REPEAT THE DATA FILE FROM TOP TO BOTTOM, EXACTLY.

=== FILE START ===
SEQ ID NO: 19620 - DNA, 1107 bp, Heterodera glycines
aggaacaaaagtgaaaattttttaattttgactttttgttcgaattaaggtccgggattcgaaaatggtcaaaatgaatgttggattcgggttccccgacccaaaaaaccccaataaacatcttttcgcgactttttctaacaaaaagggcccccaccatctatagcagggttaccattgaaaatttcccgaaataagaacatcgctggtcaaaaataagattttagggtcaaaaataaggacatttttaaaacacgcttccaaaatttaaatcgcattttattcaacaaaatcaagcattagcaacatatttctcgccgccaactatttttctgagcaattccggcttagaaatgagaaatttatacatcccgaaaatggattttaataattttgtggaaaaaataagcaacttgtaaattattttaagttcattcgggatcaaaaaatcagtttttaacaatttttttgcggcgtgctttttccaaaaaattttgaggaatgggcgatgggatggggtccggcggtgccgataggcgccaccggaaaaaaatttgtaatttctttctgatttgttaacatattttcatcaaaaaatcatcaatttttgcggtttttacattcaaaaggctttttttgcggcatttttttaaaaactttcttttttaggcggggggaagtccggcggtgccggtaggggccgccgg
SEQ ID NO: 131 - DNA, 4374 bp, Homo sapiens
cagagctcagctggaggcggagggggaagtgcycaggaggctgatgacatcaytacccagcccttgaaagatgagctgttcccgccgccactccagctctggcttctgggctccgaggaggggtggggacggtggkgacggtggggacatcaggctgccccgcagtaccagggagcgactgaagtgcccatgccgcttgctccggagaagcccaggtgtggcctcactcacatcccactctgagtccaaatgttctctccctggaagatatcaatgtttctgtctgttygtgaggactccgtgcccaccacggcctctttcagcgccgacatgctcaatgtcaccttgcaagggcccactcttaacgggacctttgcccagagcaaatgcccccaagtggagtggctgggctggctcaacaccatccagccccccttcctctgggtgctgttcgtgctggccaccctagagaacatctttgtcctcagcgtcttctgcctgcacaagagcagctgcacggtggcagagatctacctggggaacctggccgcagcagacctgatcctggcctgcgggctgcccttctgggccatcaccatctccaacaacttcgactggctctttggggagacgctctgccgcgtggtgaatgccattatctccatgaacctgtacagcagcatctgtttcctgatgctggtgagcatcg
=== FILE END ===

SEQ ID NO: 19620 - DNA, 1107 bp, Heterodera glycines
aggaacaaaagtgaaaattttttaattttgactttttgttcgaattaaggtccgggattcgaaaatggtcaaaatgaatgttggattcgggttccccgacccaaaaaaccccaataaacatcttttcgcgactttttctaacaaaaagggcccccaccatctatagcagggttaccattgaaaatttcccgaaataagaacatcgctggtcaaaaataagattttagggtcaaaaataaggacatttttaaaacacgcttccaaaatttaaatcgcattttattcaacaaaatcaagcattagcaacatatttctcgccgccaactatttttctgagcaattccggcttagaaatgagaaatttatacatcccgaaaatggattttaataattttgtggaaaaaataagcaacttgtaaattattttaagttcattcgggatcaaaaaatcagtttttaacaatttttttgcggcgtgctttttccaaaaaattttgaggaatgggcgatgggatggggtccggcggtgccgataggcgccaccggaaaaaaatttgtaatttctttctgatttgttaacatattttcatcaaaaaatcatcaatttttgcggtttttacattcaaaaggctttttttgcggcatttttttaaaaactttcttttttaggcggggggaagtccggcggtgccggtaggggccgccgg
SEQ ID NO: 131 - DNA, 4374 bp, Homo sapiens
cagagctcagctggaggcggagggggaagtgcycaggaggctgatgacatcaytacccagcccttgaaagatgagctgttcccgccgccactccagctctggcttctgggctccgaggaggggtggggacggtggkgacggtggggacatcaggctgccccgcagtaccagggagcgactgaagtgcccatgccgcttgctccggagaagcccaggtgtggcctcactcacatcccactctgagtccaaatgttctctccctggaagatatcaatgtttctgtctgttygtgaggactccgtgcccaccacggcctctttcagcgccgacatgctcaatgtcaccttgcaagggcccactcttaacgggacctttgcccagagcaaatgcccccaagtggagtggctgggctggctcaacaccatccagccccccttcctctgggtgctgttcgtgctggccaccctagagaacatctttgtcctcagcgtcttctgcctgcacaagagcagctgcacggtggcagagatctacctggggaacctggccgcagcagacctgatcctggcctgcgggctgcccttctgggccatcaccatctccaacaacttcgactggctctttggggagacgctctgccgcgtggtgaatgccattatctccatgaacctgtacagcagcatctgtttcctgatgctggtgagcatcg